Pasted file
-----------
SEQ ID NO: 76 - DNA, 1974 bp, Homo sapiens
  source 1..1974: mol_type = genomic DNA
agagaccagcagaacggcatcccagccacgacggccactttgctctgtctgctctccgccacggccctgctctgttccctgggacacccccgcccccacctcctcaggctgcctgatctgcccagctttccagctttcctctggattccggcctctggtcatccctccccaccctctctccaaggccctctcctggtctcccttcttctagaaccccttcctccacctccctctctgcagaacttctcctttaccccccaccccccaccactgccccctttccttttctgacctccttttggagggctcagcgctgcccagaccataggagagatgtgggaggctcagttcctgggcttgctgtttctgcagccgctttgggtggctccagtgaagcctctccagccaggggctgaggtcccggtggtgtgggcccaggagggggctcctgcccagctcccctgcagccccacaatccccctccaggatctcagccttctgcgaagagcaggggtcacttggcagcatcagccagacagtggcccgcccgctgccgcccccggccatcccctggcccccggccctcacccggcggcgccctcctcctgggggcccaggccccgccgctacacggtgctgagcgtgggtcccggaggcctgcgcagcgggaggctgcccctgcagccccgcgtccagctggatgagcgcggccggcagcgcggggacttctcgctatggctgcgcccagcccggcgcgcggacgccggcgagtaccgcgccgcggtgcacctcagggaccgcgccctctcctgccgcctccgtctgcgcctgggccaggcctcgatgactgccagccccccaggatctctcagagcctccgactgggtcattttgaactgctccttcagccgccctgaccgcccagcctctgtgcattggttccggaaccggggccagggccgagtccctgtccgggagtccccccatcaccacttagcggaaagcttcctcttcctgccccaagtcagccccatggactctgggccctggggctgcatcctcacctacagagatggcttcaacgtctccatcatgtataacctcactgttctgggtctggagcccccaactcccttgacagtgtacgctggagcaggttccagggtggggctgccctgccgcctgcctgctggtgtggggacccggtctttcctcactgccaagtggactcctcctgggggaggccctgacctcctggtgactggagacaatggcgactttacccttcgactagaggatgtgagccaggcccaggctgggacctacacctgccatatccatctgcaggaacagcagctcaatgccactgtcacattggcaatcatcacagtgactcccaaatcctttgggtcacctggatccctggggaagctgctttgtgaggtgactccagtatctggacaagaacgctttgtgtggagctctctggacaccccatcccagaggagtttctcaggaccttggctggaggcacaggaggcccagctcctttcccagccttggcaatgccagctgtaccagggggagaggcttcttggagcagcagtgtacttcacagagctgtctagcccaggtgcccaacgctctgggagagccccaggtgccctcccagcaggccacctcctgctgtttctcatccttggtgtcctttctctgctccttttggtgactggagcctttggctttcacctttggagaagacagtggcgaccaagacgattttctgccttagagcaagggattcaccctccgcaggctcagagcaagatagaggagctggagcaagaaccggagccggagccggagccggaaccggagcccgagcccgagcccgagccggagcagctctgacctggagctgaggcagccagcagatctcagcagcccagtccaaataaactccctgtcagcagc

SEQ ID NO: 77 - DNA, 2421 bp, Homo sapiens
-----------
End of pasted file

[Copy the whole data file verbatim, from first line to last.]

SEQ ID NO: 76 - DNA, 1974 bp, Homo sapiens
  source 1..1974: mol_type = genomic DNA
agagaccagcagaacggcatcccagccacgacggccactttgctctgtctgctctccgccacggccctgctctgttccctgggacacccccgcccccacctcctcaggctgcctgatctgcccagctttccagctttcctctggattccggcctctggtcatccctccccaccctctctccaaggccctctcctggtctcccttcttctagaaccccttcctccacctccctctctgcagaacttctcctttaccccccaccccccaccactgccccctttccttttctgacctccttttggagggctcagcgctgcccagaccataggagagatgtgggaggctcagttcctgggcttgctgtttctgcagccgctttgggtggctccagtgaagcctctccagccaggggctgaggtcccggtggtgtgggcccaggagggggctcctgcccagctcccctgcagccccacaatccccctccaggatctcagccttctgcgaagagcaggggtcacttggcagcatcagccagacagtggcccgcccgctgccgcccccggccatcccctggcccccggccctcacccggcggcgccctcctcctgggggcccaggccccgccgctacacggtgctgagcgtgggtcccggaggcctgcgcagcgggaggctgcccctgcagccccgcgtccagctggatgagcgcggccggcagcgcggggacttctcgctatggctgcgcccagcccggcgcgcggacgccggcgagtaccgcgccgcggtgcacctcagggaccgcgccctctcctgccgcctccgtctgcgcctgggccaggcctcgatgactgccagccccccaggatctctcagagcctccgactgggtcattttgaactgctccttcagccgccctgaccgcccagcctctgtgcattggttccggaaccggggccagggccgagtccctgtccgggagtccccccatcaccacttagcggaaagcttcctcttcctgccccaagtcagccccatggactctgggccctggggctgcatcctcacctacagagatggcttcaacgtctccatcatgtataacctcactgttctgggtctggagcccccaactcccttgacagtgtacgctggagcaggttccagggtggggctgccctgccgcctgcctgctggtgtggggacccggtctttcctcactgccaagtggactcctcctgggggaggccctgacctcctggtgactggagacaatggcgactttacccttcgactagaggatgtgagccaggcccaggctgggacctacacctgccatatccatctgcaggaacagcagctcaatgccactgtcacattggcaatcatcacagtgactcccaaatcctttgggtcacctggatccctggggaagctgctttgtgaggtgactccagtatctggacaagaacgctttgtgtggagctctctggacaccccatcccagaggagtttctcaggaccttggctggaggcacaggaggcccagctcctttcccagccttggcaatgccagctgtaccagggggagaggcttcttggagcagcagtgtacttcacagagctgtctagcccaggtgcccaacgctctgggagagccccaggtgccctcccagcaggccacctcctgctgtttctcatccttggtgtcctttctctgctccttttggtgactggagcctttggctttcacctttggagaagacagtggcgaccaagacgattttctgccttagagcaagggattcaccctccgcaggctcagagcaagatagaggagctggagcaagaaccggagccggagccggagccggaaccggagcccgagcccgagcccgagccggagcagctctgacctggagctgaggcagccagcagatctcagcagcccagtccaaataaactccctgtcagcagc

SEQ ID NO: 77 - DNA, 2421 bp, Homo sapiens